Friday, July 25, 2008

Could Afghanistan become Obama's Vietnam?

Over on economists view, "anne" has been vigorously denouncing Obama's speeches about Afghanistan and Pakistan, and indeed it was a centerpiece of his dramatic speech in Berlin yesterday. Of course he has been able to effectively beat Bush and McCain over the head with how going into Iraq let the US not catch bin Laden and mess things up in Afghanistan, and clearly it is good electoral politics in the US now to take a hawkish position on Afghanistan/Pakistan. The question is whether it will prove to be such a good idea to follow through on all this hawkish talk if he does get elected (which is far from obvious, given that polls have actually been moving towards McCain in this week when Obama has had it about as good as it gets, while McCain has bungling around all over the Sausage Haus of Columbus, Ohio).

After all, as "anne" points out, it was Democratic presidents, Kennedy and then Johnson, who really got us deep into Vietnam, pushed by a pressure not to appear "weak on Communism." If he gets in Obama will certainly be feeling such pressure about being the "War on Terror," which most of us know is a bad misnomer, especially if he does follow through on seriously removing troops from Iraq. Maybe things will go well in Afghanistan/Pakistan, but there are plenty of reasons to be worried, especially about the Pakistan part, where the central government does not want us going in unilaterally, but clearly where the guys we most want to get are hanging out. While Karzai wants us in Afghanistan, the situation there seems to have been gradually deteriorating, and it is far from clear that increasing US (or European) troop presence there will help more than it will hurt by alienating the local population, as happened in Iraq before (and Vietnam longer ago). Overly ambitious promises and an unresolvable situation on the ground could indeed sour an Obama presidency, making those countries his Vietnam. Let us hope not.

11 comments:

Sara said...

Look how occupation forces have been doing in Afghanistan ever since Alexander the Great.

The Macedonians weren´t allowed to stay for long, same with the Brits, same with the Soviets. Zbigniew Brzezinski has argued that the war in Afghanistan (that he helped to finance from the other side) was what brought the Soviet economy to bleed and collapse.

Doesn´t look very good for Obama with much less troops there than the Soviets used to have. May be good for economies that compete with the US, though.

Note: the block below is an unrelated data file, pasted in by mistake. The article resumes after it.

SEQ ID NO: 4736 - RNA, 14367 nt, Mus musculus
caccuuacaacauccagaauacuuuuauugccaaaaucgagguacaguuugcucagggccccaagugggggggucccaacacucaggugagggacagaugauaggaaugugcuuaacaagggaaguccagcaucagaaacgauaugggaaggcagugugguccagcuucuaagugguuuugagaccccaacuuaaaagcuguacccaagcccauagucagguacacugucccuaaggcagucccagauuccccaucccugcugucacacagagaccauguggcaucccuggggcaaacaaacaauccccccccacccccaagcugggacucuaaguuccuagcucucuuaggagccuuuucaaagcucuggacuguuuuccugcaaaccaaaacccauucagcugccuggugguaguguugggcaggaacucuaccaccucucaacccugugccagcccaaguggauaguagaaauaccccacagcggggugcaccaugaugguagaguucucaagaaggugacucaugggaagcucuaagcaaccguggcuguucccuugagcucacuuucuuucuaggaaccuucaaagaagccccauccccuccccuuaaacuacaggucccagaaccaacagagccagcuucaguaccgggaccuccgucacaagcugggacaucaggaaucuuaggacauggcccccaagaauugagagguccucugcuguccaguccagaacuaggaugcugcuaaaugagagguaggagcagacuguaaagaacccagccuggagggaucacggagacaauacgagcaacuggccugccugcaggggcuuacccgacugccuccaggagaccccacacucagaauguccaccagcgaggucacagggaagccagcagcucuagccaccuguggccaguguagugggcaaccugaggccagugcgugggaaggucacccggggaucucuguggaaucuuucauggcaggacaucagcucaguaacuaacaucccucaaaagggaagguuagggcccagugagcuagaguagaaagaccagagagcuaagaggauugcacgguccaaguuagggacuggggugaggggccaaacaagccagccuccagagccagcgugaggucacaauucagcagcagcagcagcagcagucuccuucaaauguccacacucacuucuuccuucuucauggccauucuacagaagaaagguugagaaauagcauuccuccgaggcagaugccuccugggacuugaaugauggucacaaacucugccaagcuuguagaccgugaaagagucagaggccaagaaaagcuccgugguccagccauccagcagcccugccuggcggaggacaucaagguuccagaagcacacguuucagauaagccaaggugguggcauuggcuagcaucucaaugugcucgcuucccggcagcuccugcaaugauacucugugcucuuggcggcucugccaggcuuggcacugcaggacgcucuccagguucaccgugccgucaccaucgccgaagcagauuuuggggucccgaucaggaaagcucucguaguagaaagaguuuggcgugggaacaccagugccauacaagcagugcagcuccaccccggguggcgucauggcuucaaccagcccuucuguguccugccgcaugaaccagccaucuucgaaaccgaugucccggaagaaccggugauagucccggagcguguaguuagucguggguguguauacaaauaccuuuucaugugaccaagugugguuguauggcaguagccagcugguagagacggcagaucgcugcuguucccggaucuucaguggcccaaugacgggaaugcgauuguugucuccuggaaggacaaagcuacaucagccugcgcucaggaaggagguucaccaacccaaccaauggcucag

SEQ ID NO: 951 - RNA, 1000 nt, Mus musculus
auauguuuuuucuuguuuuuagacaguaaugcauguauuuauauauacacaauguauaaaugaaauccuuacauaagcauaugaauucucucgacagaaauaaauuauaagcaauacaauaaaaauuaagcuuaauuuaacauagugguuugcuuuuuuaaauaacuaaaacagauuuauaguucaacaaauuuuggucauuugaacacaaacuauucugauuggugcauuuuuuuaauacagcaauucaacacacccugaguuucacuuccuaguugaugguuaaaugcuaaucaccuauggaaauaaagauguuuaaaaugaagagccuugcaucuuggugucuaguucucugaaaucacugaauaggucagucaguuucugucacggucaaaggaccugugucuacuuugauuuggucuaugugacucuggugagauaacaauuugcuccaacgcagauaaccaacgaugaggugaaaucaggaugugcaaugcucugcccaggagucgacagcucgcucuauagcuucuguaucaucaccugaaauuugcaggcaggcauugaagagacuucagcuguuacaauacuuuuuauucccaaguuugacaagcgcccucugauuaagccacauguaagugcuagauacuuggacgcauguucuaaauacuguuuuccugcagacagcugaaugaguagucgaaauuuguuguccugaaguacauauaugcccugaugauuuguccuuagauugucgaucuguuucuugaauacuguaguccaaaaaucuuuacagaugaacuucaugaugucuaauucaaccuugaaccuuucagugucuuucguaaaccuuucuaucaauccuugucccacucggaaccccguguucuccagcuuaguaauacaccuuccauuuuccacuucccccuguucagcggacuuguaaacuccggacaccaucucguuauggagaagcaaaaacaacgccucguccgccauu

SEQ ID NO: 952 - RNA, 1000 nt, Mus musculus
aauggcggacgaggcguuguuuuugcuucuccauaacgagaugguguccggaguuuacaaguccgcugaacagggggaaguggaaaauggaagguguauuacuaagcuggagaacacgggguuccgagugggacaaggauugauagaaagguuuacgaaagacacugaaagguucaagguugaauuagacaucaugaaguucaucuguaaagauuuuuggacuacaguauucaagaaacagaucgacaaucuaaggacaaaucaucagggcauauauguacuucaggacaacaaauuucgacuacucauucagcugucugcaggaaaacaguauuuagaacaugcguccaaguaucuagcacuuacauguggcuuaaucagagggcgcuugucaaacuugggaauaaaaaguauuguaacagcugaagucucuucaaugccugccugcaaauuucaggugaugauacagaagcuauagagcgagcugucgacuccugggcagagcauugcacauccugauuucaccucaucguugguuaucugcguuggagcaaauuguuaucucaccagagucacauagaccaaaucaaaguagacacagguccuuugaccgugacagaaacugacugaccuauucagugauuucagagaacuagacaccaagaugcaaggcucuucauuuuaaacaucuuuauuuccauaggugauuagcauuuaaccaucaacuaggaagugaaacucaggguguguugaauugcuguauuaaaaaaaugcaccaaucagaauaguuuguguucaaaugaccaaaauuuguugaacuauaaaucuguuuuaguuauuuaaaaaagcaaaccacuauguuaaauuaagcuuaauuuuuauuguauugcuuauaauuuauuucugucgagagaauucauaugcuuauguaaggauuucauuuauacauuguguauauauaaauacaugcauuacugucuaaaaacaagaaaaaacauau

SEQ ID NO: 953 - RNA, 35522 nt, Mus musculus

Shag from Brookline said...

Yes, to the extent Vietnam became Nixon's war (but for Watergate).

vendetta said...

For an interesting read on Blacks & Barack click the link

http://www.grannyvendetta.blogspot.com/

rosserjb@jmu.edu said...

Vietnam went on for an awfully long time, long enough to bog down Nixon as well as wreck the presidency of LBJ. Of course, there is an ongoing debate over whether JFK would have pulled us out of Vietnam or not if he had lived, with Jamie Galbraith being a strong advocate of the view that he would have.

Along with his buying into the "Iran has a nuclear weapons program" baloney, all this hawkishness is somewhat worrisome (although he remains looking good on Iraq. Of course, he probably does have to buy into this stuff for the campaign (and McCain's hawkishness seems to poll better than Obama's positions) in order to get elected. Again, I hope he is careful about it, if he gets in, and backs off from some of this stuff.

Brenda Rosser said...

"...clearly where the guys we most want to get are hanging out..."

Barkley, who are these guys?? Could it be members of a local population that don't like their country being invaded by a foreign power?

"...The US government Energy Information fact sheet on Afghanistan dated December 2000 says that.."Afghanistan's significance from an energy standpoint stems from its geographic position as a potential transit route for oil and natural gas exports from Central Asia to the Arabian Sea. This potential includes proposed multi-billion dollar oil and gas export pipelines through Afghanistan, although these plans have now been thrown into serious question........In order to do business with dictators and despots, Halliburton has skirted US sanctions and made considerable efforts to eliminate those sanctions. Halliburton's pattern of doing business with US enemies and dictators started before Dick Cheney joined the company, and may well continue after his tenure as CEO...."[ list of Halliburton's dealings with disreputable governments follows]

Oil and Afghanistan
http://members.localnet.com/~jeflan/jfafghanpipe.htm
By Jon Flanders

Brenda Rosser said...

And while the US and Australia are in Afghanistan let's add up the CO2 emissions from this war. Oh, and the time and effort drawn away from building a renewable energy infrastructure.

“The implications are profound,” says Hansen, “and the only resolution is for humans to move to a fundamentally different energy pathway within a decade. Otherwise, it will be too late for one-third of the world’s animal and plant species and millions of the most vulnerable members of our own species.

“We may be able to preserve the remarkable planet on which civilization developed,” Hansen continues, “but it will not be easy: special interests are resistant to change and have inordinate power in our governments, especially in the United States..."

rosserjb@jmu.edu said...

Brenda,